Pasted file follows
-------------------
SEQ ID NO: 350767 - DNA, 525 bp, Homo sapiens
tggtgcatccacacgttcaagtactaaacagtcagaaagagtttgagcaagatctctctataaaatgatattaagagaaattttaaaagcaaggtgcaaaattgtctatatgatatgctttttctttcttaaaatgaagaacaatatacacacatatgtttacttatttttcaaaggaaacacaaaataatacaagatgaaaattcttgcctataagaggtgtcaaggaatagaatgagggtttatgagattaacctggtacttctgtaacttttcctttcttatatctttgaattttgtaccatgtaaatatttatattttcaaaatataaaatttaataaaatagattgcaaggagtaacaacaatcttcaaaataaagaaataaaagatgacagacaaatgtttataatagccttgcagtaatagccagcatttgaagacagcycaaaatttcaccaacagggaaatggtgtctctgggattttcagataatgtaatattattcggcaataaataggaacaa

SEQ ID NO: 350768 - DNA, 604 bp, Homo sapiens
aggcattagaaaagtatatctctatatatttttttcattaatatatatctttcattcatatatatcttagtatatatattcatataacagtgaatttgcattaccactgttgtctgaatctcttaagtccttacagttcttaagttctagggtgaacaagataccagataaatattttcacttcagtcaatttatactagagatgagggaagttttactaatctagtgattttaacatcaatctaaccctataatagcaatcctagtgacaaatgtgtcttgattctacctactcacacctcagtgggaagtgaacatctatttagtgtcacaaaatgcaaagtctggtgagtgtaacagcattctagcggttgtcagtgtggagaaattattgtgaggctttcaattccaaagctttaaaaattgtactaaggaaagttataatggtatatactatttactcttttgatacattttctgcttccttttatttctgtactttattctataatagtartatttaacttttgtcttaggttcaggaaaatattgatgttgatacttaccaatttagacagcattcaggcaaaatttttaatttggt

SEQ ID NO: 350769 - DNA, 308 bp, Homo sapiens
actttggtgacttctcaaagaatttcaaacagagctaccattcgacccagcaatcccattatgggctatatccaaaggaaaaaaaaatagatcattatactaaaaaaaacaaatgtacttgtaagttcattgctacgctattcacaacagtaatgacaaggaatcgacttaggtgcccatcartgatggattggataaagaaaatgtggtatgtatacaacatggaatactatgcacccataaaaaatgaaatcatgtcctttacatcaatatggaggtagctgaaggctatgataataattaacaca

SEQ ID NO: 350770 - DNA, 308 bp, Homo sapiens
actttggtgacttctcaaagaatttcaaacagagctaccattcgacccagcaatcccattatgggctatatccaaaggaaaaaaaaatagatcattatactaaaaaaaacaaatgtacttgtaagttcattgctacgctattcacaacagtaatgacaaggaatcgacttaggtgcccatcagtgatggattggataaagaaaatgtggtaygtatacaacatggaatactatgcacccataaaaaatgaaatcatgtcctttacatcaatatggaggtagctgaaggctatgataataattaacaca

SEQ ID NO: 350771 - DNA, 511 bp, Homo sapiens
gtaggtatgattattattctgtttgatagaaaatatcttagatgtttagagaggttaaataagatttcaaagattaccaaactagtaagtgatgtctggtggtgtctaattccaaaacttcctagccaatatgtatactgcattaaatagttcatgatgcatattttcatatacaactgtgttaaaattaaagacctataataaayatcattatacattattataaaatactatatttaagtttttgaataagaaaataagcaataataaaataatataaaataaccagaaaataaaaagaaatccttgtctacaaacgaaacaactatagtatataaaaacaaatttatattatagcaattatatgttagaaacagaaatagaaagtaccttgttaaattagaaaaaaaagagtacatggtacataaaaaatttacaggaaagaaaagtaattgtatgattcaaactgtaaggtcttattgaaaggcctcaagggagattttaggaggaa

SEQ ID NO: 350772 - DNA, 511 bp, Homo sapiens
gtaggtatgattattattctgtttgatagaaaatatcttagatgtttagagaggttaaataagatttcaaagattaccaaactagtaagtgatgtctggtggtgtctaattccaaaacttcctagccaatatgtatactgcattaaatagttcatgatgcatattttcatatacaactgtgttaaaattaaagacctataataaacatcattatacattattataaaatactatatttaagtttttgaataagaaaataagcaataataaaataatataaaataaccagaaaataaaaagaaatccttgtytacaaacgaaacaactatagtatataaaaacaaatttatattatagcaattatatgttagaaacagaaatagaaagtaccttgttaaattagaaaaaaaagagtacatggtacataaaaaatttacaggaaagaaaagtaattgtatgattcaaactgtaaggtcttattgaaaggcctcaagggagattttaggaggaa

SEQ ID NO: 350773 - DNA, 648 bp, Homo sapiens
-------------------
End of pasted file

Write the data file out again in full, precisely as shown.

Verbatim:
SEQ ID NO: 350767 - DNA, 525 bp, Homo sapiens
tggtgcatccacacgttcaagtactaaacagtcagaaagagtttgagcaagatctctctataaaatgatattaagagaaattttaaaagcaaggtgcaaaattgtctatatgatatgctttttctttcttaaaatgaagaacaatatacacacatatgtttacttatttttcaaaggaaacacaaaataatacaagatgaaaattcttgcctataagaggtgtcaaggaatagaatgagggtttatgagattaacctggtacttctgtaacttttcctttcttatatctttgaattttgtaccatgtaaatatttatattttcaaaatataaaatttaataaaatagattgcaaggagtaacaacaatcttcaaaataaagaaataaaagatgacagacaaatgtttataatagccttgcagtaatagccagcatttgaagacagcycaaaatttcaccaacagggaaatggtgtctctgggattttcagataatgtaatattattcggcaataaataggaacaa

SEQ ID NO: 350768 - DNA, 604 bp, Homo sapiens
aggcattagaaaagtatatctctatatatttttttcattaatatatatctttcattcatatatatcttagtatatatattcatataacagtgaatttgcattaccactgttgtctgaatctcttaagtccttacagttcttaagttctagggtgaacaagataccagataaatattttcacttcagtcaatttatactagagatgagggaagttttactaatctagtgattttaacatcaatctaaccctataatagcaatcctagtgacaaatgtgtcttgattctacctactcacacctcagtgggaagtgaacatctatttagtgtcacaaaatgcaaagtctggtgagtgtaacagcattctagcggttgtcagtgtggagaaattattgtgaggctttcaattccaaagctttaaaaattgtactaaggaaagttataatggtatatactatttactcttttgatacattttctgcttccttttatttctgtactttattctataatagtartatttaacttttgtcttaggttcaggaaaatattgatgttgatacttaccaatttagacagcattcaggcaaaatttttaatttggt

SEQ ID NO: 350769 - DNA, 308 bp, Homo sapiens
actttggtgacttctcaaagaatttcaaacagagctaccattcgacccagcaatcccattatgggctatatccaaaggaaaaaaaaatagatcattatactaaaaaaaacaaatgtacttgtaagttcattgctacgctattcacaacagtaatgacaaggaatcgacttaggtgcccatcartgatggattggataaagaaaatgtggtatgtatacaacatggaatactatgcacccataaaaaatgaaatcatgtcctttacatcaatatggaggtagctgaaggctatgataataattaacaca

SEQ ID NO: 350770 - DNA, 308 bp, Homo sapiens
actttggtgacttctcaaagaatttcaaacagagctaccattcgacccagcaatcccattatgggctatatccaaaggaaaaaaaaatagatcattatactaaaaaaaacaaatgtacttgtaagttcattgctacgctattcacaacagtaatgacaaggaatcgacttaggtgcccatcagtgatggattggataaagaaaatgtggtaygtatacaacatggaatactatgcacccataaaaaatgaaatcatgtcctttacatcaatatggaggtagctgaaggctatgataataattaacaca

SEQ ID NO: 350771 - DNA, 511 bp, Homo sapiens
gtaggtatgattattattctgtttgatagaaaatatcttagatgtttagagaggttaaataagatttcaaagattaccaaactagtaagtgatgtctggtggtgtctaattccaaaacttcctagccaatatgtatactgcattaaatagttcatgatgcatattttcatatacaactgtgttaaaattaaagacctataataaayatcattatacattattataaaatactatatttaagtttttgaataagaaaataagcaataataaaataatataaaataaccagaaaataaaaagaaatccttgtctacaaacgaaacaactatagtatataaaaacaaatttatattatagcaattatatgttagaaacagaaatagaaagtaccttgttaaattagaaaaaaaagagtacatggtacataaaaaatttacaggaaagaaaagtaattgtatgattcaaactgtaaggtcttattgaaaggcctcaagggagattttaggaggaa

SEQ ID NO: 350772 - DNA, 511 bp, Homo sapiens
gtaggtatgattattattctgtttgatagaaaatatcttagatgtttagagaggttaaataagatttcaaagattaccaaactagtaagtgatgtctggtggtgtctaattccaaaacttcctagccaatatgtatactgcattaaatagttcatgatgcatattttcatatacaactgtgttaaaattaaagacctataataaacatcattatacattattataaaatactatatttaagtttttgaataagaaaataagcaataataaaataatataaaataaccagaaaataaaaagaaatccttgtytacaaacgaaacaactatagtatataaaaacaaatttatattatagcaattatatgttagaaacagaaatagaaagtaccttgttaaattagaaaaaaaagagtacatggtacataaaaaatttacaggaaagaaaagtaattgtatgattcaaactgtaaggtcttattgaaaggcctcaagggagattttaggaggaa

SEQ ID NO: 350773 - DNA, 648 bp, Homo sapiens